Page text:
Profile 7 of 12 | Fjord

“Magic is now expected. If you can conjure with skill you can differentiate.”

Founded: 2001    Staff: 400
Based: London, Berlin, New York, San Francisco, Helsinki, Istanbul, Madrid, Paris, Stockholm
Notable clients: Adidas, Philips, the BBC

“Magic is now expected.” This short sentence appears in Fjord’s 2015 trends report and seems to reflect the values this big multinational studio stands for – whatever they’re working on Fjord’s teams want to create an experience that matters. Careful research is a vital part of the process and they share some of their insights with the whole world via their trend reports, such as the one that’s just been published. “If you can conjure with skill you can differentiate,” it goes on. “Those companies that can truly deliver on their ambition with a phenomenal user experience will become this year’s innovative darlings.” It sounds like they’re throwing down a gauntlet for themselves along with anyone else who feels up to the challenge.

Founded in London by Olof Schybergson, Mark Curtis and Mike Beeston, Fjord now employs more than 400 people across 15 studios. In 2013 the company was bought by the Accenture consulting group, “to better infuse digital design in the deepest level of its corporate brand clients,” as Wired put it at the time.

It’s continued to go from strength to strength since the acquisition. “If anything our approach has been refined with the additional capabilities,” says Dave Snowball, Design Lead at Fjord’s San Francisco studio. The office overlooks the city’s famous Union Square: “We have wall-to-wall windows overlooking the square which really makes you feel right in the heart of San Francisco,” he says. “Last week we saw a solo ice skater cutting around the holiday rink while swinging flaming balls on chains—I’m not kidding!”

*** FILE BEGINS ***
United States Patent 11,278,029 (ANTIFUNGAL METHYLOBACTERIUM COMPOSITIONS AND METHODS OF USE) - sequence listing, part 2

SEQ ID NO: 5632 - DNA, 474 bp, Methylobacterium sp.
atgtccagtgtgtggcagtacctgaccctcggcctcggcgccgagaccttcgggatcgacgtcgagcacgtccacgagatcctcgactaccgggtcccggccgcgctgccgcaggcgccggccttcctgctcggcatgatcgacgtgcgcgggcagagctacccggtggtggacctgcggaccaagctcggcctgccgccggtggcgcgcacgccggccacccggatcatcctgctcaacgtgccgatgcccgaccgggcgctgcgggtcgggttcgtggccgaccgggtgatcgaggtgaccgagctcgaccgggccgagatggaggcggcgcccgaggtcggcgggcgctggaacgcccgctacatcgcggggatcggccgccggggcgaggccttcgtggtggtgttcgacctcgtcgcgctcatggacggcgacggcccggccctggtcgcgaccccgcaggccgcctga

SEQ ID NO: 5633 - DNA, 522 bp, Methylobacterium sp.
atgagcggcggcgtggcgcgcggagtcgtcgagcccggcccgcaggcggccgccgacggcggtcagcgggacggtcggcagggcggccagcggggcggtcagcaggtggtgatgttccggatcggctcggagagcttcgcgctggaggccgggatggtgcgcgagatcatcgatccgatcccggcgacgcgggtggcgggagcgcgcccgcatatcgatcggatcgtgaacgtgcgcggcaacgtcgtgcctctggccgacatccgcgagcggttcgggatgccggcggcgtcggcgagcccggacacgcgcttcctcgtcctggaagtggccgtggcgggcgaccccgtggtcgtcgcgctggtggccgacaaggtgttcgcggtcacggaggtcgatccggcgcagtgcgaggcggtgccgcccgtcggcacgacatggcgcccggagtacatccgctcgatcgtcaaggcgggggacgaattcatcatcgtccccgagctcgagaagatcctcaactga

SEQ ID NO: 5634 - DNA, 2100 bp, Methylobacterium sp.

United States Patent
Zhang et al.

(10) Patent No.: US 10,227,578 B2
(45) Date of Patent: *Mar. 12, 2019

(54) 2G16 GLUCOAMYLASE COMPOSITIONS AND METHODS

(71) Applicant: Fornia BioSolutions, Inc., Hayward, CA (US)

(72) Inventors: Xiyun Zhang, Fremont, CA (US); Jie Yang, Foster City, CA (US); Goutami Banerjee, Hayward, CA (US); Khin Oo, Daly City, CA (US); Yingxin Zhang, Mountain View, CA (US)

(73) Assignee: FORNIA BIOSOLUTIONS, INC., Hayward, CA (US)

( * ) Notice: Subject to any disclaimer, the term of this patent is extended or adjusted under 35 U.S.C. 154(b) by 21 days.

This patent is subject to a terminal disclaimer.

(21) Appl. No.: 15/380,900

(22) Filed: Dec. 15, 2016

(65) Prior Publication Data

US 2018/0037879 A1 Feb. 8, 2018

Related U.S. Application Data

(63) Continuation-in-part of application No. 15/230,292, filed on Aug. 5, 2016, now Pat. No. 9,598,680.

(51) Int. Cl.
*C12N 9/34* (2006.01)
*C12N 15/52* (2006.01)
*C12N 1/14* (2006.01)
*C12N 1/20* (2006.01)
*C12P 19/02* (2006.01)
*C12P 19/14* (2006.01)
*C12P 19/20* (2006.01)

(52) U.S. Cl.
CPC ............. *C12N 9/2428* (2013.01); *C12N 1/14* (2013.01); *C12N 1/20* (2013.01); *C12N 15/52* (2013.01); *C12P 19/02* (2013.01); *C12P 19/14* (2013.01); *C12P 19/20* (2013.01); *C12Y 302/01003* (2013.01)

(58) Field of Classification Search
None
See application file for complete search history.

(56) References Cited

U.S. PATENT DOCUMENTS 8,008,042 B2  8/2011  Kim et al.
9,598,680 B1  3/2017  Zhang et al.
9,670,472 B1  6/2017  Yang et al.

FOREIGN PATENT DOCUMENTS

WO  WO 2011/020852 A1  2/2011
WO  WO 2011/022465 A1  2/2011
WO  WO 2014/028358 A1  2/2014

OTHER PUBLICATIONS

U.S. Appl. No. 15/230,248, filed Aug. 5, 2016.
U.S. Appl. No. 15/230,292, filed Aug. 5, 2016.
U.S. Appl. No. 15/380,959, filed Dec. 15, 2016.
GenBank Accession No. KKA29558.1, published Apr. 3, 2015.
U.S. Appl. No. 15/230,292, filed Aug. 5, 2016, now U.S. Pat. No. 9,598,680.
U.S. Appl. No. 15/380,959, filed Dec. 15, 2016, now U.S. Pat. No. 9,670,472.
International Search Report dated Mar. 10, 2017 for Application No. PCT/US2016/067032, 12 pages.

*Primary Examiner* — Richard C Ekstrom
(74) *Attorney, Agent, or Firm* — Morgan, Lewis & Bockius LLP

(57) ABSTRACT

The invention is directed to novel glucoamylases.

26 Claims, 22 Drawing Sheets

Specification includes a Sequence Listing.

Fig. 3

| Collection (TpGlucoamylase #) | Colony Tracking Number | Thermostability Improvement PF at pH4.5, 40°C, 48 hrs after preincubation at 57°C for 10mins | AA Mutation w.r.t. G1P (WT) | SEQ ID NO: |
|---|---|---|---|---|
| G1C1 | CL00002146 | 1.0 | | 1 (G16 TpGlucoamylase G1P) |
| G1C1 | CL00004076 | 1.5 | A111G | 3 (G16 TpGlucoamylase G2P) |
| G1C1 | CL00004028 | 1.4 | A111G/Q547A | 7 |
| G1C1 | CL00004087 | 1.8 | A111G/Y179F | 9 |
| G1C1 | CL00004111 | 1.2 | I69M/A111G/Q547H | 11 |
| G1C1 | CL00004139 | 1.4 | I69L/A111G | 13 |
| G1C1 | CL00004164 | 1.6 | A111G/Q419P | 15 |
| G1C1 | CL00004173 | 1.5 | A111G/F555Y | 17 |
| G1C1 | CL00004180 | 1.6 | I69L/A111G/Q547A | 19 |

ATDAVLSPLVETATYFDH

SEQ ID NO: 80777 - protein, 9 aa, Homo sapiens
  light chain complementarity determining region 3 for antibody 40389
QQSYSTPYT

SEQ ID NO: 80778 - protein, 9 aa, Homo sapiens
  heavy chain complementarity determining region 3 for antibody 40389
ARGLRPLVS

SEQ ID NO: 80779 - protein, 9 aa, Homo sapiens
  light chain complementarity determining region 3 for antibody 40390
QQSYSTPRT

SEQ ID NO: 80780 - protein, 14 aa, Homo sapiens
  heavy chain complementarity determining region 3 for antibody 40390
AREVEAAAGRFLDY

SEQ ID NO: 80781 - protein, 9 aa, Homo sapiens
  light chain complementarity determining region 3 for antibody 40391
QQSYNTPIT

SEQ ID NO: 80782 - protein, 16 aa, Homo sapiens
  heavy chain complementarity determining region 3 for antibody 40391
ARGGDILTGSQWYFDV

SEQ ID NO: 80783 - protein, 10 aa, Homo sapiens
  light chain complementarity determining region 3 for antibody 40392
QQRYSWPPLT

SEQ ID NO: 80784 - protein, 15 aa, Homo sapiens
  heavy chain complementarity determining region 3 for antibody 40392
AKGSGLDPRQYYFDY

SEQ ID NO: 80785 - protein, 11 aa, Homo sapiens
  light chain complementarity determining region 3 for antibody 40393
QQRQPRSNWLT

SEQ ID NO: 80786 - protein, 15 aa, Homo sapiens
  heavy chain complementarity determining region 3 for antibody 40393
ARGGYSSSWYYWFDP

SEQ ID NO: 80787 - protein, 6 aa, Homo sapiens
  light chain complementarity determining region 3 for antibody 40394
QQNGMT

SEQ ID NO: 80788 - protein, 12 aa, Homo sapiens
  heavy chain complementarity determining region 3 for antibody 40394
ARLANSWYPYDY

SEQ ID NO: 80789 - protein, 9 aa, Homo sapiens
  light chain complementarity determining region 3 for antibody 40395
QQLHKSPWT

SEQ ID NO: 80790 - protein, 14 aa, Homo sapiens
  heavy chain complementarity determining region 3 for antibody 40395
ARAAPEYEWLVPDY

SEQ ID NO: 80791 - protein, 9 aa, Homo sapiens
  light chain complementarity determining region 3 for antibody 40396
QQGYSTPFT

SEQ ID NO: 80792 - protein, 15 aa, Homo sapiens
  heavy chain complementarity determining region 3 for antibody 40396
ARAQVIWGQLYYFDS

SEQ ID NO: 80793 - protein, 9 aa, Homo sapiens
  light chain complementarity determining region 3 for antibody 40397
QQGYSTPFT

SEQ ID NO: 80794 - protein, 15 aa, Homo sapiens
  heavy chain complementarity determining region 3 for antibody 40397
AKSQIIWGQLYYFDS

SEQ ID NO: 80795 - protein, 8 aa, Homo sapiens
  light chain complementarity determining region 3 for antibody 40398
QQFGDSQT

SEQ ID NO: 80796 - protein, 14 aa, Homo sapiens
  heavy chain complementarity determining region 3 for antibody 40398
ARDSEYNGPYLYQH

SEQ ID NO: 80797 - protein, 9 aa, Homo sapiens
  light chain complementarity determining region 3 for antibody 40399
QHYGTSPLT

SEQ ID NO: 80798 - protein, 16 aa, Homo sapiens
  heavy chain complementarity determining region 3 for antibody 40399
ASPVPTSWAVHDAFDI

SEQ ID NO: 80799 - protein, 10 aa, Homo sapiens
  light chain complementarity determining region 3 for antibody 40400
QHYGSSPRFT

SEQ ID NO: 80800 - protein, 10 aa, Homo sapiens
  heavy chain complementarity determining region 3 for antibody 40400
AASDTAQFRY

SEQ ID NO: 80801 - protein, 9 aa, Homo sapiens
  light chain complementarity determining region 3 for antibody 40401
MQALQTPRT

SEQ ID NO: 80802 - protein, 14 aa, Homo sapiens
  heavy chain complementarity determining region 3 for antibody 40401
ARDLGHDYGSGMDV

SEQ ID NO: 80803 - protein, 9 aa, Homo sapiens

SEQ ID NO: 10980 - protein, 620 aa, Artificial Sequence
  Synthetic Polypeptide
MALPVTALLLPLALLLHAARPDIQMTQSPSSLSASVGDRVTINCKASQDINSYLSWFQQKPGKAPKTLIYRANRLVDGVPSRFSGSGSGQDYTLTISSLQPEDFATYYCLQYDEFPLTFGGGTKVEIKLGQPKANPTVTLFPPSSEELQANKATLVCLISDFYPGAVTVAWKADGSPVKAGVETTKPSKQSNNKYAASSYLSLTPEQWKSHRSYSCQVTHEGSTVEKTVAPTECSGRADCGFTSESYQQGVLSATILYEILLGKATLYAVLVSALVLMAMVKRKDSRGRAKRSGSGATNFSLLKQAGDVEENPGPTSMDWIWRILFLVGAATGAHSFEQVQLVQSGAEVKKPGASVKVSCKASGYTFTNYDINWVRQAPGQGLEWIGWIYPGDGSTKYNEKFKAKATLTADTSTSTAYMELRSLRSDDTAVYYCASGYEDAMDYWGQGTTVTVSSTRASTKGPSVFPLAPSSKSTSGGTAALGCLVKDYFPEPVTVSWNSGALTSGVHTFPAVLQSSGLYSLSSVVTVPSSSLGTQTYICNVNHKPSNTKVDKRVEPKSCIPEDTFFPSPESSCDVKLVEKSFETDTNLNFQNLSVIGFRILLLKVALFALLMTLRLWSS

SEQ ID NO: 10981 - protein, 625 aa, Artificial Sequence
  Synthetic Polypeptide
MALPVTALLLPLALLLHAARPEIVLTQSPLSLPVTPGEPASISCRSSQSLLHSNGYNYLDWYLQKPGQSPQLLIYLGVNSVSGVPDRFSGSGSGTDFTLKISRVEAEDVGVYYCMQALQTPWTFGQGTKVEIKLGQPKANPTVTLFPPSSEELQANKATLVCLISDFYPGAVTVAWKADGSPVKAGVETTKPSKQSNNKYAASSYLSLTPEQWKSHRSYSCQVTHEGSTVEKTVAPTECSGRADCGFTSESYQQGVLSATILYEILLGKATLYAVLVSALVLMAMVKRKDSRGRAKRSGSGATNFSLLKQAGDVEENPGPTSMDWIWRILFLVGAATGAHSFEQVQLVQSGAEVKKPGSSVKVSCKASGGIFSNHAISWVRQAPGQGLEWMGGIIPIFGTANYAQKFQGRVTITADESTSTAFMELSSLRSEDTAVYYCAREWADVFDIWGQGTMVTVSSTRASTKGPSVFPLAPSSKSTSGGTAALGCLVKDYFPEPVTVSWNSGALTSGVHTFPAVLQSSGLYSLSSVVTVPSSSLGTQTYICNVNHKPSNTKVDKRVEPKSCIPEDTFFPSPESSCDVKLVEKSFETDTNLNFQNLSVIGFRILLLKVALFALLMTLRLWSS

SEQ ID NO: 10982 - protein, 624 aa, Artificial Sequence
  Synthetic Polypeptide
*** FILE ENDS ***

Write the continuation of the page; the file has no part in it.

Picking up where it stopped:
Thinking in a very holistic way about digital design and its role in our culture, Dave describes Fjord’s way of working as “a service design approach."

“We look at the entire customer journey, across touch points and contexts, and also aim to understand the business and technical requirements that help shape that experience and will be required to bring it to life. By understanding all of the players involved, we are able to better identify opportunity areas and also deliver solutions that can succeed in market.”

Ultimately though Fjord’s strength, Dave believes, lies is in keeping things simple. “Elegant simplicity is our design driver and is important because we believe this is the answer to the complexity and fragmentation of our increasingly digitally mediated lives. It’s about emotional appeal and beauty but also focus and clarity.

“An elegant, simple solution can lead to a response of ‘of course’ from users, which for us is the highest form of flattery!”

This reference to “emotional appeal” is instructive and is echoed in the 2015 Trends Report which talks of the importance of “emotionally responsive” UI and business’ “need to evolve their digital personalities.” These guiding principles are important when you consider the eclecticism of Fjord’s client list; in San Francisco alone the team has recently worked on “everything from mobile banking services and wearable interfaces to omnichannel retail experiences and online education platforms.”


This diversity seems to be central to Fjord’s way of working. It also gives it's designers the chance to work on projects that really make a difference. Dave is particularly proud of the work they did to help patients suffering from ALS (Amyotrophic lateral sclerosis, or Lou Gehrig’s disease).

“The proof of concept brought together emerging technologies including Philips connected products and the Emotiv EEG-reading headset and a heads-up display. The platform uses a person’s brainwaves and eye movements to control a cursor and select specific commands on a display. An intuitive interface with a dynamic navigation allowed patients to quickly do things like turn their lights on and off, change the volume and channel on a TV, send texts and emails, or call a nurse. 

“It’s a great example of our ability to design completely new interaction paradigms for interfaces that have not existed before and leverage emerging technologies. It’s also a project that exemplifies our collaborative process: we co-created with an ALS patient as well as all of the other partners involved to help arrive at the solution.”

It all sounds pretty mind-blowing, but you get the feeling that a lot of days in the Fjord studio are like that.